At ProspectaMarketing, we handle all aspects of our clients’ online and digital marketing. If you’re a dental practice that needs to revamp their advertising approach, and are at a loss as to how to achieve this, we can provide a specific, customized team of SEO and tech specialists that fit your needs. Together with a group effort from your team members, they can help you achieve the reach you need for your practice to flourish.

One of the main avenues by which we increase awareness of a business is the strengthening of the connection between patient and practice. And the best way to do that? Online reviews.

However, since we’ve already focused on both the importance of online reviews and the effect of a review response on your marketing efforts, today’s article will instead describe the many steps you and your team can take to ensure your satisfied patients follow up their visit with a lengthy, descriptive review.

The Reason

You might be wondering: why are reviews something I need to foster? After all, if I perform my services successfully and the patients remain satisfied, shouldn’t reviews happen organically? Yes, in a perfect situation. Organic review growth that simply springs out of the ground is definitely favorable marketing windfall. But, in most cases, it’s going to take a little work to get your patients writing.

There’s also the question of the type of review they leave. If a review is a four- or five-star review, but doesn’t fit certain requirements, it might end up at the bottom of your Google profile and be essentially useless to you as a marketing tool. For these reasons, here are five steps you can take to ensure that your incoming reviews are bountiful and rank well according to your metrics.

The Solution

  1. Team Training: Setting up a short training course for your team members is often the way to go. Though the topic of fostering reviews is covered during our client orientation meetings, we encourage the practices we represent to continually remind their team members to ask for a review during their wrap-up consult with a client. Set up a sort of “script” with your assistants, hygienists, and receptionists; one that thanks the patient for their business, asks them if there was anything that could be improved about their experience, and inquires as to whether they would leave a review on your service of choice.
  2. Mailing Lists, Text Alerts, and Digital Notifications: If you’re clients are on a mailing list or a text-based alert system, it’s a great idea to follow up with a short and easy link that leads to your preferred review service.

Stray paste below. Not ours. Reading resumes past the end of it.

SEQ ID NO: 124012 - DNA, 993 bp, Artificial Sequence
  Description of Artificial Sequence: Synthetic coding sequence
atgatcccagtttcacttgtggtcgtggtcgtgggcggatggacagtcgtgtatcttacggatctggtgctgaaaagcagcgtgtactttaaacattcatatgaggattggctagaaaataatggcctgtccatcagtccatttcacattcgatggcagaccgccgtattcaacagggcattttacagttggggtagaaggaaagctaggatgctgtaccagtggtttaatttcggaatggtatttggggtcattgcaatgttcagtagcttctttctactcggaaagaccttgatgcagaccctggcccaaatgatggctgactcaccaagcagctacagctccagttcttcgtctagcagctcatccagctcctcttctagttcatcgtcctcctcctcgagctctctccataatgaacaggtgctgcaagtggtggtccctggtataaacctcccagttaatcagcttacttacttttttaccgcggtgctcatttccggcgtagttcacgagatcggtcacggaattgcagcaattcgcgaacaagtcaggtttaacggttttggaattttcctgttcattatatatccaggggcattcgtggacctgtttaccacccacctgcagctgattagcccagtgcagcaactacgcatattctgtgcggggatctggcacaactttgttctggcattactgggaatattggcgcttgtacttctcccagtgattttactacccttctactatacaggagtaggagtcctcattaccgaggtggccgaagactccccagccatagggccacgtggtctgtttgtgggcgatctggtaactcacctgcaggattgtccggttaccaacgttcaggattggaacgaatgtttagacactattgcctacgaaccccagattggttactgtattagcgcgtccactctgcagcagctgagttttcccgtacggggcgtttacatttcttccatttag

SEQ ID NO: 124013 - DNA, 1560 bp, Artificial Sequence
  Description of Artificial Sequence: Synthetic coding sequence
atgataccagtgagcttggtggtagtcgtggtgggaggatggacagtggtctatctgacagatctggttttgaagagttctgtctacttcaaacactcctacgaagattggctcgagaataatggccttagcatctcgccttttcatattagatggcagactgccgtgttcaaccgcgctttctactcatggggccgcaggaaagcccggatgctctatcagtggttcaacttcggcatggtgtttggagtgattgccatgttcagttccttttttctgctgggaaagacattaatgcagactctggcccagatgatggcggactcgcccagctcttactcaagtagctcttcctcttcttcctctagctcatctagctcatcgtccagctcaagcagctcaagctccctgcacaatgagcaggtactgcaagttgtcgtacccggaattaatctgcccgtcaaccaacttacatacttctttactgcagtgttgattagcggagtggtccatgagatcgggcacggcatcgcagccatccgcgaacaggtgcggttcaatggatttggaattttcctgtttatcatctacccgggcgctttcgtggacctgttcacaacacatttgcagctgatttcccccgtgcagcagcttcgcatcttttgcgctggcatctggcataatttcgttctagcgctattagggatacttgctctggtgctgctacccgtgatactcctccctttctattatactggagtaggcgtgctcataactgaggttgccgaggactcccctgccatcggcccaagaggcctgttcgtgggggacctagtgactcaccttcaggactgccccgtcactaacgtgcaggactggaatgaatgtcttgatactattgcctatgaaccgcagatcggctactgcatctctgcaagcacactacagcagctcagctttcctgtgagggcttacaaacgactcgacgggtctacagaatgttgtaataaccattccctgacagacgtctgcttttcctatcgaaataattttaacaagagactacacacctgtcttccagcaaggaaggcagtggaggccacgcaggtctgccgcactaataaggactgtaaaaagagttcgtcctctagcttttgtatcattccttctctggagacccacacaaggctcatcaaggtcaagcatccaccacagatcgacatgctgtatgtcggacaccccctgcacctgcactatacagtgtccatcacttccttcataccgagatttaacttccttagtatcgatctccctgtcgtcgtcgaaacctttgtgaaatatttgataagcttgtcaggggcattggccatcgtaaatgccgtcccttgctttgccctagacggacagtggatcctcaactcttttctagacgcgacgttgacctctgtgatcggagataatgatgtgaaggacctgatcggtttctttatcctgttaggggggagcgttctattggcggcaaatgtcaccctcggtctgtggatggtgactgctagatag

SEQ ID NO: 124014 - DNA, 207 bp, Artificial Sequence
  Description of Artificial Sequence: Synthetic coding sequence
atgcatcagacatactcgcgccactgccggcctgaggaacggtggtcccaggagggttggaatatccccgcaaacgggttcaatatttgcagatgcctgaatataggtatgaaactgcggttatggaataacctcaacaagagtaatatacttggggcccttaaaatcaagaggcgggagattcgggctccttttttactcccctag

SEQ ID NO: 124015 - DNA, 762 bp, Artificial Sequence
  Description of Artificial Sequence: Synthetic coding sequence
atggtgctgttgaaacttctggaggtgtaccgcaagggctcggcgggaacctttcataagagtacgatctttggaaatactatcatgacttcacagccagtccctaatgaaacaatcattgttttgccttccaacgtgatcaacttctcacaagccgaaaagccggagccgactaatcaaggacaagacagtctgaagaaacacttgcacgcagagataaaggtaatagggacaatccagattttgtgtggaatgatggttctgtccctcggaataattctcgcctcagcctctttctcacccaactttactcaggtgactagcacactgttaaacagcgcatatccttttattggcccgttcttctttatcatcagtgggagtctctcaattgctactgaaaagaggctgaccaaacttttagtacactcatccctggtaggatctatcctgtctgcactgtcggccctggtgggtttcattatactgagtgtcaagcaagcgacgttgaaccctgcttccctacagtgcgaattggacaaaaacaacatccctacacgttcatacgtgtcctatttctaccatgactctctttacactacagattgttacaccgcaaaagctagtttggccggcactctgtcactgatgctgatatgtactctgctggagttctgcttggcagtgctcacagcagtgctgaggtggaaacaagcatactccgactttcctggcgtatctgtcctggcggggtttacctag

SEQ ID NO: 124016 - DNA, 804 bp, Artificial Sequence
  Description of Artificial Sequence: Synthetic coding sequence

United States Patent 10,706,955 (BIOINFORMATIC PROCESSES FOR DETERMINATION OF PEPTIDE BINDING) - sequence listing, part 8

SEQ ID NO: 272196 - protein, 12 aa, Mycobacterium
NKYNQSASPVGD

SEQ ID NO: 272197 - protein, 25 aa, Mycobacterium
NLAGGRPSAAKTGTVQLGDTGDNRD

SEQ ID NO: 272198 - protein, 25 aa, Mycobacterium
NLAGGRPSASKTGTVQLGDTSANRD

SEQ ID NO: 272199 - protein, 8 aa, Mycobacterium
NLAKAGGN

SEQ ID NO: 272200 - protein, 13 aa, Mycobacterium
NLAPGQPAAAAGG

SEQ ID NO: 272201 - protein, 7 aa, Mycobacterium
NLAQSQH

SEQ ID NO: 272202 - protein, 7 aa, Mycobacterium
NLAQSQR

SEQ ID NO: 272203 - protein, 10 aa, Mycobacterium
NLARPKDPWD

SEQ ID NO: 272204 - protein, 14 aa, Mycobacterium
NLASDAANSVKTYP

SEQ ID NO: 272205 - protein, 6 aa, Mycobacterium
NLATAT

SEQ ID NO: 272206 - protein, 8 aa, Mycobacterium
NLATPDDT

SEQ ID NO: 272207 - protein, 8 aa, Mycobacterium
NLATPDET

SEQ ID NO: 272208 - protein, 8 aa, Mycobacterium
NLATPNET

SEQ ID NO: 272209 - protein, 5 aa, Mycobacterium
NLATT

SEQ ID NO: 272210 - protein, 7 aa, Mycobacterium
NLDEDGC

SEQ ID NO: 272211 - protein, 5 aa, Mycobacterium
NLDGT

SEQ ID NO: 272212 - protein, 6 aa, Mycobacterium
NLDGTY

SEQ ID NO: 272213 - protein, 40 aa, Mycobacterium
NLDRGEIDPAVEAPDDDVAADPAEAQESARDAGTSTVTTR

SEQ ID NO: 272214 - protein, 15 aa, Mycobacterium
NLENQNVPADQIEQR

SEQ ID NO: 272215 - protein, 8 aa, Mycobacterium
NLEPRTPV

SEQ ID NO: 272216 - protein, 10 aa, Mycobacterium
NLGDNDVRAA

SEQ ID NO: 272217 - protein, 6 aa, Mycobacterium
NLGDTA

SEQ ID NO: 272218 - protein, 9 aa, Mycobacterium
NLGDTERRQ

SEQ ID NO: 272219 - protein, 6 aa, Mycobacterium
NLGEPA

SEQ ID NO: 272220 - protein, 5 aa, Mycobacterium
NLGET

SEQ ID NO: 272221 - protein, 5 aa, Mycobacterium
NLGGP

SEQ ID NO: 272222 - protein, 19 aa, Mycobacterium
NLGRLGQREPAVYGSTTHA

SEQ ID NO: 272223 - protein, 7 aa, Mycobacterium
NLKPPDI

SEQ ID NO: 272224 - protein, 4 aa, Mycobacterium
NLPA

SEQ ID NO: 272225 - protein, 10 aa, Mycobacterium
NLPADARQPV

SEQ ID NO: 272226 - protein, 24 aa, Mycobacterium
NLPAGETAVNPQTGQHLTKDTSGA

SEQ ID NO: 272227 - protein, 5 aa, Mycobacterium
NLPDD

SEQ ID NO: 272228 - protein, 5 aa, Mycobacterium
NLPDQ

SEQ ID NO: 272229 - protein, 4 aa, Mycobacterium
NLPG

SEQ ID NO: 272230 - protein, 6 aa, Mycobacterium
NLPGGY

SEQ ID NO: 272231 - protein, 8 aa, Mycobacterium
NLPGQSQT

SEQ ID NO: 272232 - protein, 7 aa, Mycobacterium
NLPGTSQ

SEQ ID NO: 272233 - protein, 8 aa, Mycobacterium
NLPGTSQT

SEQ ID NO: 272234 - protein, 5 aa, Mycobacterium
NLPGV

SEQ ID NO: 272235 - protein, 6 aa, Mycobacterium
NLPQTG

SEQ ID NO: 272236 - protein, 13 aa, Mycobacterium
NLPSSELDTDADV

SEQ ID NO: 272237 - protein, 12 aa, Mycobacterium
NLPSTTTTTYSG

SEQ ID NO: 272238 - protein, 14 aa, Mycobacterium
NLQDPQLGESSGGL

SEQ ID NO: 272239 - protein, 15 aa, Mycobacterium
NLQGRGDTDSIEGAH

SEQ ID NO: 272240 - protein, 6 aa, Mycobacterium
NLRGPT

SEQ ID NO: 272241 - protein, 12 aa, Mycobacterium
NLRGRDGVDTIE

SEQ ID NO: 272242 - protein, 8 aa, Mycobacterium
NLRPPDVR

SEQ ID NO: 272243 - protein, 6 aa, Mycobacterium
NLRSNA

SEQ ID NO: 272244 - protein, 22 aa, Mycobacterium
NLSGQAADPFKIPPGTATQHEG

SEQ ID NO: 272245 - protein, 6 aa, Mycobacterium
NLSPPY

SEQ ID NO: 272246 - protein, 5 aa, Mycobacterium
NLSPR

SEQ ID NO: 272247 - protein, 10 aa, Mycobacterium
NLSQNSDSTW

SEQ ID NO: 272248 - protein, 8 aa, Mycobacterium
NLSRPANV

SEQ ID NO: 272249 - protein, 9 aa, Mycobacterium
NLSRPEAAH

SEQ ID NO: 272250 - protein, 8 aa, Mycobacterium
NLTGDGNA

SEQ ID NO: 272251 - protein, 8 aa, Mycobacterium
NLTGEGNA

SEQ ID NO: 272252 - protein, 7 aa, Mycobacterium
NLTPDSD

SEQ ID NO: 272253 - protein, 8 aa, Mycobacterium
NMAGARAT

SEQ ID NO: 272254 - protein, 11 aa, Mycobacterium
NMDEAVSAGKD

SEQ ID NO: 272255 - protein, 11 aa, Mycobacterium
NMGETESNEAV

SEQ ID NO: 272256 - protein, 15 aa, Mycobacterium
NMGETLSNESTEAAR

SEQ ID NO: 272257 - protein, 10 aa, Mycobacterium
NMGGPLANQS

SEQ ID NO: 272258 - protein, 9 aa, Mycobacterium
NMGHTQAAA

3. Guided Questions To Foster Descriptive Reviews: When setting up templates for the aforementioned “script,” or for any form that you might present to a potential reviewer, consider questions like “How have your dental implants changed your life?”; or “Why would you recommend us to someone seeking a dentist to do quality work?”; or even “Why would you recommend our sedation dentistry services to someone who struggles with dental anxiety?” With guided questions, you will ensure that your reviews are not simply star-based. Since services like Google Reviews rank entries based on relevance, it is very likely that a four- or five-star review that lacks keywords and written content will sink to the bottom of the list. This will almost ensure that potential clients miss it.
  4. Focus On Your Keywords: When crafting your guided questionnaire, make sure you focus on questions that cover your strengths. The best way to do this is to analyze your most popular keywords. If you focus on cosmetics, there’s no reason to be asking patients about your viability as a sleep apnea clinic. If, however, you have a wide range of services, make sure not to overwhelm the reviewer. Too many questions will quickly make someone regret agreeing to a review, and will most likely guarantee that they don’t review you again. What’s worse, they might exit the review process altogether. Instead, pick two or three main services that are relevant to the patient and to your practice, and write questions based on them.
  5. Keep It At Five: In the same vein as our previous entry, make sure your questionnaire is breezy, easy-to-read, and over quickly. All you need is a small bit of text, written by a satisfied patient, with one or two guided key words included. So, keep it at or under five questions. If you absolutely must include more, make them very short. After the patient has successfully submitted their review, don’t badger them – even if the result wasn’t a tasty SEO morsel of keywords and relevant services, it’s a step above an empty review, and that’s always a positive. Further follow-up might just result in the patient feeling overwhelmed or annoyed, which we never want.

Balancing the often uncomfortable work of requesting reviews with a tactful approach to practice-patient relations is one of our specialties at ProspectaMarketing. What’s best, it’s a team effort. We make sure to guide your dentists, assistants, hygienists, and receptionists on the best ways to manage and respond to reviews. We will even do it for you, if your specific situation benefits from this approach. ProspectaMarketing are an experienced Internet marketing firm specializing in dental practices and the tools of Internet marketing. We help you reach key prospects who are looking for what your practice has to offer. Our unique and thorough approach provides visibility, financial accountability, and ongoing refinement and improvement. You can find out more by contacting Lane Anderson toll-free at 1-877-322-4440 Ext 101, by email using the form on our Contact Us page, or online at